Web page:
Sunday, January 13, 2008


US admits Mideast peace deal hangs on fate of Gaza

Published: Saturday January 12, 2008

A senior US official acknowledged on Saturday that an Israeli-Palestinian peace deal would depend on the fate of Gaza, which is controlled by the Islamist movement Hamas.

Hamas which evicted moderate Palestinian president Mahmud Abbas's Fatah faction from Gaza in June after a week of bloodshed, meanwhile, dismissed US President George W. Bush's vision of a Palestinian state.

The US official, who declined to be named, said the fate of Bush's targeted peace deal by the end of this year depended on Abbas taking back control of the Gaza Strip.

"I don't think in the long term that an agreement is going to work if Hamas continues to control Gaza," he said.

"That's why we repeatedly said that the Palestinian Authority should resume its responsibility for the government in Gaza as well," he said. "Exactly how that is going to work I don't know, I can't predict the future."

The official also drew a distinction between any Israeli-Palestinian agreement and its actual implementation. "It seems that it will take some time," he cautioned.

"The parties will have to agree on how they want to structure the agreement, but I think that there have been general thoughts that there will be first a framework and later a comprehensive agreement.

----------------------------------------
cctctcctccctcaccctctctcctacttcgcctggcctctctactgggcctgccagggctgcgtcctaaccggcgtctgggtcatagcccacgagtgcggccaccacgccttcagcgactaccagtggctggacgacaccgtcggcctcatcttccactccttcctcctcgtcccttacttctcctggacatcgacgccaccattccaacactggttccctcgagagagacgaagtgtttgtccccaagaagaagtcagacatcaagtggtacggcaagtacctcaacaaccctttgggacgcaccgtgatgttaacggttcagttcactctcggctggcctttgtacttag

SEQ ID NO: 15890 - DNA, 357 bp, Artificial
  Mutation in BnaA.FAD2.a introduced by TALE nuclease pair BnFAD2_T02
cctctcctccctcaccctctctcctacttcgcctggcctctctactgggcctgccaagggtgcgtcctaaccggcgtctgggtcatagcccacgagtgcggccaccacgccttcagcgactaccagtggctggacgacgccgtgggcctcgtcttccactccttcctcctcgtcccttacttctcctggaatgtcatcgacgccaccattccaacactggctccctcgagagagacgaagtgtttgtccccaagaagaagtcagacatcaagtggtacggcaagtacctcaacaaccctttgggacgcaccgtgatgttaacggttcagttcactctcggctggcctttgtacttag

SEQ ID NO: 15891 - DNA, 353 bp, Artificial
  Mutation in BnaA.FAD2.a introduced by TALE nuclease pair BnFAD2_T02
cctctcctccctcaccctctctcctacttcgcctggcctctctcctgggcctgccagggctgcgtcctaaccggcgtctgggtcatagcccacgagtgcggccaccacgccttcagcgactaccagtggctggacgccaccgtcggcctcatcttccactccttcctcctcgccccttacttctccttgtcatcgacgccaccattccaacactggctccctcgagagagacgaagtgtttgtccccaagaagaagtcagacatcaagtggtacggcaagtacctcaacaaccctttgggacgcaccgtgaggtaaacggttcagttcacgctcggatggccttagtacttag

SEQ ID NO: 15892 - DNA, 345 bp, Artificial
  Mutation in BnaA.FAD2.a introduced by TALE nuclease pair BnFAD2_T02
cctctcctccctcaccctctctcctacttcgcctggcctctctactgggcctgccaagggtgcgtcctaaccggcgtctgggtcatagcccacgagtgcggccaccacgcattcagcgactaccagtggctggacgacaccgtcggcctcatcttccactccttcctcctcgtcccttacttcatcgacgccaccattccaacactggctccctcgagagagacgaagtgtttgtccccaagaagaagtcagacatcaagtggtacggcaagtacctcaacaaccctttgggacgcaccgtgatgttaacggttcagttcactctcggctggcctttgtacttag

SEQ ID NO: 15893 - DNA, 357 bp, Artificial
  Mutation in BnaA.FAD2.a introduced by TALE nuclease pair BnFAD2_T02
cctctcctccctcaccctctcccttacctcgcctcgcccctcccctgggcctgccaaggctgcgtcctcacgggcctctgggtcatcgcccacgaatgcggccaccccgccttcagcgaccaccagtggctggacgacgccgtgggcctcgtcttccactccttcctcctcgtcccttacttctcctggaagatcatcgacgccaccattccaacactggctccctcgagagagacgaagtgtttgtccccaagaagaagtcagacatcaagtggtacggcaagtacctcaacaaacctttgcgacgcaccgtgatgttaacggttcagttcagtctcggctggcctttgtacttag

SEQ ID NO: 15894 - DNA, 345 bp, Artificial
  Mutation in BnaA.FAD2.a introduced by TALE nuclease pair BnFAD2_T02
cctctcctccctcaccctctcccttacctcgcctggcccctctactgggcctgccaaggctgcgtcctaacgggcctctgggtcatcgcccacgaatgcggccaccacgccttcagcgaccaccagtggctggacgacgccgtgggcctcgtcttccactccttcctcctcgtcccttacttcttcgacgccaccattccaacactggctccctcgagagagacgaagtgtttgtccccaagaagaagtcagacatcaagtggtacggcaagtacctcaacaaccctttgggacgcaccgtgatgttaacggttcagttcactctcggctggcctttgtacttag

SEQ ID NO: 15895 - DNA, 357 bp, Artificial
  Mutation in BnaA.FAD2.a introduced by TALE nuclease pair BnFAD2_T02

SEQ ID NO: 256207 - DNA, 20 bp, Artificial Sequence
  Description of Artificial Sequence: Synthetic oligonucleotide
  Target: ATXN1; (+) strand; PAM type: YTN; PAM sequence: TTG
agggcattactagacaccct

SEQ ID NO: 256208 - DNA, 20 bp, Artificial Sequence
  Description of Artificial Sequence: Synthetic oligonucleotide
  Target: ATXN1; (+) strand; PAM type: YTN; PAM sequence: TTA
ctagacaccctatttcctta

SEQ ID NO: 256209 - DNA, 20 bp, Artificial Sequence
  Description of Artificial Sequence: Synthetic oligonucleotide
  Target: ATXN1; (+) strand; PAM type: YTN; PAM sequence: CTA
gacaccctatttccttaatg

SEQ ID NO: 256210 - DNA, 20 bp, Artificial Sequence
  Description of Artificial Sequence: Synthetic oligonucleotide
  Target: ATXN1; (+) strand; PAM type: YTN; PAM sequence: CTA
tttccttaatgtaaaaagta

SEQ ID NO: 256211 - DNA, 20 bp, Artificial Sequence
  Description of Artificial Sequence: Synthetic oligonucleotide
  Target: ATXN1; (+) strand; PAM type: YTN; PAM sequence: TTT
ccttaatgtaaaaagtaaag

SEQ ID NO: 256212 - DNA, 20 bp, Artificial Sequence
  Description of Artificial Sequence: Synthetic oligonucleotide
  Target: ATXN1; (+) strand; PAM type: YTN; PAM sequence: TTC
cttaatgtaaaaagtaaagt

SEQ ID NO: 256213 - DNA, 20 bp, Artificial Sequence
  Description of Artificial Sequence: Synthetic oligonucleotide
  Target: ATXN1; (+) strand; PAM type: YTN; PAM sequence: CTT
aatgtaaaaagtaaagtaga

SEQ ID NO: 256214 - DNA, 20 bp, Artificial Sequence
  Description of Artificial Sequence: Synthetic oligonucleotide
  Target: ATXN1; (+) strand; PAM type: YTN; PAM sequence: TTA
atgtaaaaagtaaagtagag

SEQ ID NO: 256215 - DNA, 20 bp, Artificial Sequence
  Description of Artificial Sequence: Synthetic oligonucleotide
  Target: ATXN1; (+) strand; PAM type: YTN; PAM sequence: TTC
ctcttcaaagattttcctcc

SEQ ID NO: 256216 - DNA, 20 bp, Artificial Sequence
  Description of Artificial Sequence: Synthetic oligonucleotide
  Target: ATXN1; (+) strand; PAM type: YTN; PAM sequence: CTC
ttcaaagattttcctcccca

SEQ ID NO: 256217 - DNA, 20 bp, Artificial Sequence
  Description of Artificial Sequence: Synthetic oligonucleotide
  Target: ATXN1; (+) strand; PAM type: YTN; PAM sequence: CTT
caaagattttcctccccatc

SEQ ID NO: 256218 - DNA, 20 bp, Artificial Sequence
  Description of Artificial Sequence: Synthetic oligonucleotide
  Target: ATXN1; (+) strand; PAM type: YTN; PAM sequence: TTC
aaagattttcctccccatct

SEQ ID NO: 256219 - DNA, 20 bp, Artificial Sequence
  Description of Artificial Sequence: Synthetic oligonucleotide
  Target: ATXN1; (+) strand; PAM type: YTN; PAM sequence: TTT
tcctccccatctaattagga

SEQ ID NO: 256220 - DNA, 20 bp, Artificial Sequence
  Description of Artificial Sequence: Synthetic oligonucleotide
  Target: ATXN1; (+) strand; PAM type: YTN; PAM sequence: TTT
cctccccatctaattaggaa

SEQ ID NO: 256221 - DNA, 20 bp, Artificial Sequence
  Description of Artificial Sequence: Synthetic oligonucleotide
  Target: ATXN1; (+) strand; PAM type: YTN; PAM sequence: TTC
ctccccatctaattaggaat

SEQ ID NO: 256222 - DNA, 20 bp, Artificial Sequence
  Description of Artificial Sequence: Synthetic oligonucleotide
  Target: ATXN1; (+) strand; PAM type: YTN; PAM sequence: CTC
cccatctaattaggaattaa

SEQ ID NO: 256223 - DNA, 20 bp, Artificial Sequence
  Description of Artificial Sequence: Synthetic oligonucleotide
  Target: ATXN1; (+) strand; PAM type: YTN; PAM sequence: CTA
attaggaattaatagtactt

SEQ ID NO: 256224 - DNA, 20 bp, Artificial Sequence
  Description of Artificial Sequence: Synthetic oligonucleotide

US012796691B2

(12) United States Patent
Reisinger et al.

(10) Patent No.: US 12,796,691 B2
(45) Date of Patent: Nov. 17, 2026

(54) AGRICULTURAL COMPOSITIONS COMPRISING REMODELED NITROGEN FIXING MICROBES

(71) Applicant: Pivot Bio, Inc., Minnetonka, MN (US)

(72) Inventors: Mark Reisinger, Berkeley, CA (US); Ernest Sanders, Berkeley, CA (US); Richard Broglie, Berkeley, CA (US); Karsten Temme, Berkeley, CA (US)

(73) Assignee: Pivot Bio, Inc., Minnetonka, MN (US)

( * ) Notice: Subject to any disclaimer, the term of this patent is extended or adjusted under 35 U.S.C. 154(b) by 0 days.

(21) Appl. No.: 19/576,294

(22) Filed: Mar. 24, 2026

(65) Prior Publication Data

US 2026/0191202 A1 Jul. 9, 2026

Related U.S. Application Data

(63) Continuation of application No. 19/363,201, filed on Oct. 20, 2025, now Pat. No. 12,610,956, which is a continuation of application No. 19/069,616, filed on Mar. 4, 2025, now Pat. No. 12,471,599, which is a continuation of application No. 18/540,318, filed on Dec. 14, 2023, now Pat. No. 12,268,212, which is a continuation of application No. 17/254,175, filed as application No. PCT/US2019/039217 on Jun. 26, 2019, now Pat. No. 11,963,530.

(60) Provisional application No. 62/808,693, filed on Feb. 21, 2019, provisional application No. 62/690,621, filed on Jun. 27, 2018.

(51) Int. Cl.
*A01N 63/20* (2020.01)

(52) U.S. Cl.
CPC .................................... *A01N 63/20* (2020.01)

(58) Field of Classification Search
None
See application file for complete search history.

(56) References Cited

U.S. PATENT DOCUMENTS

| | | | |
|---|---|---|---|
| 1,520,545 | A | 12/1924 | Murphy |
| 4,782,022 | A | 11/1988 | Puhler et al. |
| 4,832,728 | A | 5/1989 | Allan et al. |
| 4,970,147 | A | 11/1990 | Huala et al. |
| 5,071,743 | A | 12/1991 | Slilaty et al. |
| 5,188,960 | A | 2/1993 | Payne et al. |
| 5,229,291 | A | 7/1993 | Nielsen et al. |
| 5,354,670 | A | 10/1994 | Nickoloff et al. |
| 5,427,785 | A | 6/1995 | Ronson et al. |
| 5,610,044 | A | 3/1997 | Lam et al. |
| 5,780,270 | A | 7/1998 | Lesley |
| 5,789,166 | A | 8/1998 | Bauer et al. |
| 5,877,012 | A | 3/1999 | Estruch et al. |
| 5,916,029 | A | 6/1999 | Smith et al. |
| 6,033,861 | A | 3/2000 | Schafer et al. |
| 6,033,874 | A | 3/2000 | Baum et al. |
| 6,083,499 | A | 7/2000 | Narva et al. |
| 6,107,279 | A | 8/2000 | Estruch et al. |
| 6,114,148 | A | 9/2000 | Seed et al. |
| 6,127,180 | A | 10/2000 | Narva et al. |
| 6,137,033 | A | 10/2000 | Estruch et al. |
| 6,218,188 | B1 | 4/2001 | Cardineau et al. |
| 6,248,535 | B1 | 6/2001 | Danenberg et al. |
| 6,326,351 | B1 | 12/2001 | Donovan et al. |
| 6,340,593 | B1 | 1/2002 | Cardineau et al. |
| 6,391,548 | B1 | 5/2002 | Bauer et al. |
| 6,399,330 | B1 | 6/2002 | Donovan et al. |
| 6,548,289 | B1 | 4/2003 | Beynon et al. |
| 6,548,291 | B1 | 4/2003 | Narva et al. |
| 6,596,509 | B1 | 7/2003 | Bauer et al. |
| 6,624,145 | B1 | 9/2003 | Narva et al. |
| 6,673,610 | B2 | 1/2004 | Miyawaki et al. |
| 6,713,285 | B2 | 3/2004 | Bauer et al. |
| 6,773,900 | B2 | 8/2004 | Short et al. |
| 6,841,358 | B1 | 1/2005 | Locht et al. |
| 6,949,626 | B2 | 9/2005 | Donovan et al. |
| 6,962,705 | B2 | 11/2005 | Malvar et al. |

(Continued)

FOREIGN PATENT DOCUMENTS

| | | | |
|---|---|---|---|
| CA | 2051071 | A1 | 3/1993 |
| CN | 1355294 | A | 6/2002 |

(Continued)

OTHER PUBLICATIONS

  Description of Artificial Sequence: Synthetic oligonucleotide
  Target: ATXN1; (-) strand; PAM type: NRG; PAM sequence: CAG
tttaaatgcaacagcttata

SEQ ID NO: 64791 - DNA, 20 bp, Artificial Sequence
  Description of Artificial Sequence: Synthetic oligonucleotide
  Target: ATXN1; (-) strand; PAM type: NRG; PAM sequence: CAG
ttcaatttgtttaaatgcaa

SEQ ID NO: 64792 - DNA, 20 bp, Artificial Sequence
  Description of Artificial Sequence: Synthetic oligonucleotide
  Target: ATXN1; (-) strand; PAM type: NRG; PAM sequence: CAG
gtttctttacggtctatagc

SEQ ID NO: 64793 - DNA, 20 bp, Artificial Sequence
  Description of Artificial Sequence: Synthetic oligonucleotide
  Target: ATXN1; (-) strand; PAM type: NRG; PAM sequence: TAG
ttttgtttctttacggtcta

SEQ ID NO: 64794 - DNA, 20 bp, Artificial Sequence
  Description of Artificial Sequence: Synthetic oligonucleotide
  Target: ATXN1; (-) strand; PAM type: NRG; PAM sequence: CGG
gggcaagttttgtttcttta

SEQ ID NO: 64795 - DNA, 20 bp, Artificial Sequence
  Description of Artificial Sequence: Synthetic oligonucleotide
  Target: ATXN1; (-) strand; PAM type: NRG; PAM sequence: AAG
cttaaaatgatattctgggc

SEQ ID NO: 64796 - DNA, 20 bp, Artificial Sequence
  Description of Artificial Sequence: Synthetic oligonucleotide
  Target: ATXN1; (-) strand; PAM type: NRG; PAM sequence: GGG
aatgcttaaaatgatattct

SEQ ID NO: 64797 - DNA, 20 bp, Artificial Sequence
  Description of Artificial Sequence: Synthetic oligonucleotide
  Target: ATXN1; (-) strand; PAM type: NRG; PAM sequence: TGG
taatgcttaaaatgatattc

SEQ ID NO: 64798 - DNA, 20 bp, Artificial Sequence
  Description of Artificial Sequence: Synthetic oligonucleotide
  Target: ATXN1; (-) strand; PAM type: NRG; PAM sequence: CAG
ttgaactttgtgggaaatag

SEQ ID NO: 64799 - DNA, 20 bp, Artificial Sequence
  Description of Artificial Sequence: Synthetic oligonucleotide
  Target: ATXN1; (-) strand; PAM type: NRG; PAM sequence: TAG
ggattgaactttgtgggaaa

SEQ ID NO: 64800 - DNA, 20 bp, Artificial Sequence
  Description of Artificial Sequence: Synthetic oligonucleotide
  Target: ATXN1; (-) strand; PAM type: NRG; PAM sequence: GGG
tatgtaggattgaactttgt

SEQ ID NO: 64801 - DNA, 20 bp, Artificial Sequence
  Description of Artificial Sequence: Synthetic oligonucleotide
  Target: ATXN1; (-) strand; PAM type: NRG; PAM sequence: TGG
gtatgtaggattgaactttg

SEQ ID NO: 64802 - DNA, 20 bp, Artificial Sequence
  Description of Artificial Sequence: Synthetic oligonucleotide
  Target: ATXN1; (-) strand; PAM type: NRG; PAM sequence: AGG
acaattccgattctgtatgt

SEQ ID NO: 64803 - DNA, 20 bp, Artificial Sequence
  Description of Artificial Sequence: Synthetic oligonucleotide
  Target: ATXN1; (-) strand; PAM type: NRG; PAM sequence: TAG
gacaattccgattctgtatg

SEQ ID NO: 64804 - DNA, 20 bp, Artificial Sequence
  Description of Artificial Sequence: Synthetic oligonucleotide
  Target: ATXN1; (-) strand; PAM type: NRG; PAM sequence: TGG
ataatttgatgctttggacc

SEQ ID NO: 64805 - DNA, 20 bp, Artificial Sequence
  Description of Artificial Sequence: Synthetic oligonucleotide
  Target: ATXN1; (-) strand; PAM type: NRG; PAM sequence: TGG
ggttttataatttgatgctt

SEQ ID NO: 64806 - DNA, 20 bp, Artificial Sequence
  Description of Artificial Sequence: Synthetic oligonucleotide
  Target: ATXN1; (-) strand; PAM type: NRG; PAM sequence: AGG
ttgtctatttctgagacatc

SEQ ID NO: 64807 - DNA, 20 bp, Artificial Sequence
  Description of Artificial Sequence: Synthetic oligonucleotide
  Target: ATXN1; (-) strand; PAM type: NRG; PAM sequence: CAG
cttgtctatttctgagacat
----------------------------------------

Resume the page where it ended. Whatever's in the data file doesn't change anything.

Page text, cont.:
"This will all play out in quite a period of time."

Dismissed Hamas prime minister Ismail Haniya, meanwhile, rejected what he termed "Bush's vision of a rump state", in a speech to Palestinian pilgrims at a ceremony to mark their return from the Muslim pilgrimage to Mecca.

Bush called in Israel on Thursday for an end to the four-decade-old Israeli occupation of Palestinian territories and for the two sides to make the tough choices needed for a final peace deal.

The US president also called for new mechanisms "including compensation" to resolve the issue of Palestinian refugees, one of the thorniest of the Arab-Israeli conflict.

Haniya hit out at the president's suggestion that a peace agreement might exclude the refugees returning to the homes they fled in the 1948 Arab-Israeli war.

"We reject his denial of the right of return of refugees and his position on Jerusalem," Haniya said.

"We do not accept that 11,000 (Palestinian) prisoners stay in Israeli jails and that (Jewish) settlements remain in Palestinian territory," the Hamas official added.

Haniya also called for an end to "security cooperation" between Israel and Abbas.

Another Hamas leader, Ahmad Bahar, accused Bush, Abbas and Israeli Prime Minister Ehud Olmert of "conspiring against the Palestinian cause and the armed struggle."

On Friday, Hamas spokesman Ismail Radwan said the movement would not be bound by any agreement that Abbas and Olmert reached, adding that the proposed deal fell far short of Palestinian aspirations.

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